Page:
Brian Todd Davis, 21, was sentenced Wednesday to 20 days on a work detail by visiting 1st District Magistrate Debra Heise.

Davis initially faced a felony aggravated battery complaint before agreeing to a plea bargain Friday and pleading guilty to battery, a simple misdemeanor.

Some witnesses testified at Friday's hearing that at a beer keg party on July 27, Davis picked up Ilaura Fleck and said Fleck's father was Catholic and her mother was Muslim and "that makes you a Jew. All Jews should burn" and then threw Fleck into a bonfire on Katka Mountain in Boundary County.

But Davis' friend, Jock Desmaria, testified that Davis and Fleck "were joking around" and that he saw Davis "set down the victim" near the bonfire after picking her up.

Heise ruled that Fleck wasn't thrown into the fire but fell into the flames after being dropped on a log. She also ruled that a hate crime wasn't involved because Fleck isn't Jewish, The Spokesman-Review reported.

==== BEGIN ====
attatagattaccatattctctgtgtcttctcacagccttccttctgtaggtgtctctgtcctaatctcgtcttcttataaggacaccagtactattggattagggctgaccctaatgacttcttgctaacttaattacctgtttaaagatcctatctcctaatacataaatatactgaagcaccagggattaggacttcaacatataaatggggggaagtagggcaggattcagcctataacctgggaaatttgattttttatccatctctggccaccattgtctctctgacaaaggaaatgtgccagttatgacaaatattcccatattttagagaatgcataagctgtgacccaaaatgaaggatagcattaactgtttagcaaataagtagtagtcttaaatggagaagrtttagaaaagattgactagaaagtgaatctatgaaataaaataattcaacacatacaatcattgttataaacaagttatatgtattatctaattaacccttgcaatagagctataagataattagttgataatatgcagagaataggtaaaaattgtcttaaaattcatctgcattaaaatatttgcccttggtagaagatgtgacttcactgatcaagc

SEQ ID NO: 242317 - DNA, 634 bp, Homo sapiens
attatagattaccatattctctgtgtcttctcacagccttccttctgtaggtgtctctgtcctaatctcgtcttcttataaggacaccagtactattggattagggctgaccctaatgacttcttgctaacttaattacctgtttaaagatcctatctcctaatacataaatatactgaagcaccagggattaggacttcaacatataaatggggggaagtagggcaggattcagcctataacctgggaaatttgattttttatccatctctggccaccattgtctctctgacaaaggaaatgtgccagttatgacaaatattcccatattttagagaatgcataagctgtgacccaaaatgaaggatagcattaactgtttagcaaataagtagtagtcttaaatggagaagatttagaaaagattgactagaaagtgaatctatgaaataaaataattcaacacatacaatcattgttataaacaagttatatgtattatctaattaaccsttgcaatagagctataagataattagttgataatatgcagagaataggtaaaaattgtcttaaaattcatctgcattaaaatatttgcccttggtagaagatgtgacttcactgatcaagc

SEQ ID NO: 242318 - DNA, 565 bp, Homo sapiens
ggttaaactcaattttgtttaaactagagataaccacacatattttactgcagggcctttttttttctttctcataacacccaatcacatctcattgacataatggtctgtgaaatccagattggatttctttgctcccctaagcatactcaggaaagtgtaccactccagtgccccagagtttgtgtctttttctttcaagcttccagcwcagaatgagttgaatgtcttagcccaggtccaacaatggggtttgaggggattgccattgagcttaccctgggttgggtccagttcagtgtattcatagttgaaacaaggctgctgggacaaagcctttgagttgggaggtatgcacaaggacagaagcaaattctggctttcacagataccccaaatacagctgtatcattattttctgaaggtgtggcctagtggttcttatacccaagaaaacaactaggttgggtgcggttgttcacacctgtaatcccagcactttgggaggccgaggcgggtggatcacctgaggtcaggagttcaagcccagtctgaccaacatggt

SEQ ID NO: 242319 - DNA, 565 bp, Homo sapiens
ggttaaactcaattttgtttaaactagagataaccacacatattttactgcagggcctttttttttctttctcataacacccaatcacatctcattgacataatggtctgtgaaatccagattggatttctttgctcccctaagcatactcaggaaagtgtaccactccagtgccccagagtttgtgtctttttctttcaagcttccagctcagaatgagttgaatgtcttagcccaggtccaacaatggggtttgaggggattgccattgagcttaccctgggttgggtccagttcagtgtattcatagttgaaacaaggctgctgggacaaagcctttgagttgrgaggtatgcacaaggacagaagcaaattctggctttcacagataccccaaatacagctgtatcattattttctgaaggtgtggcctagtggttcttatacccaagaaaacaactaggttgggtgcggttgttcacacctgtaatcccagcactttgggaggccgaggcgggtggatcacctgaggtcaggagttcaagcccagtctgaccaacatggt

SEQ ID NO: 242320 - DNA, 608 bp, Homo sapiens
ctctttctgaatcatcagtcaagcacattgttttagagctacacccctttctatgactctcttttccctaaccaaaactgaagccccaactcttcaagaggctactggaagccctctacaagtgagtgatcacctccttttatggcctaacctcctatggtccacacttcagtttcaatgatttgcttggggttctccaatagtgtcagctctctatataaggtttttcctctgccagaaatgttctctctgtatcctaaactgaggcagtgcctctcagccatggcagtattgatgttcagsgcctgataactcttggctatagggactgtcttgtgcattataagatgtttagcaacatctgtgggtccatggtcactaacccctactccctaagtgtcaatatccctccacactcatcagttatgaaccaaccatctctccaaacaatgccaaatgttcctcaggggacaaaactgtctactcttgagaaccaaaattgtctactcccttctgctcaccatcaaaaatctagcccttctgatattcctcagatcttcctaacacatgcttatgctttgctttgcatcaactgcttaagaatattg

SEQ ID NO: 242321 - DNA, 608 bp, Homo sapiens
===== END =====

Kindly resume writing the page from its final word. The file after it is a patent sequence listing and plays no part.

"The words used here are hate-filled but have to be examined in context," Heise said. "The words were stupid. The words were mindless, but this was not a hate crime."

She also said that "boys will be boys."

Heise did not immediately return a telephone call Friday from The Associated Press.

Fleck, who could need reconstructive surgery, suffered first- and second-degree burns on her legs, arm and buttocks.

"I honestly don't believe justice was served here," said Fleck. "What happened to me was a hate crime."

Mend said: "We have a hate crime law, and that was a hate crime when he said to her, 'Jews burn.' It's a hate crime whether she's Jewish or not."

Heise ordered restitution for Fleck's medical bills, which will be determined later.

Davis apologized in a written statement read by his attorney, Bryce W. Powell. Davis declined to comment after the sentencing.

Fleck's father, Joe Fleck, has filed a complaint with the Idaho Bar Association because the attorney he hired works in the same Sandpoint law office where the attorney who defended Davis works. Joe Fleck contends that helped Davis avoid a felony conviction because the defense received information to fight the criminal trial.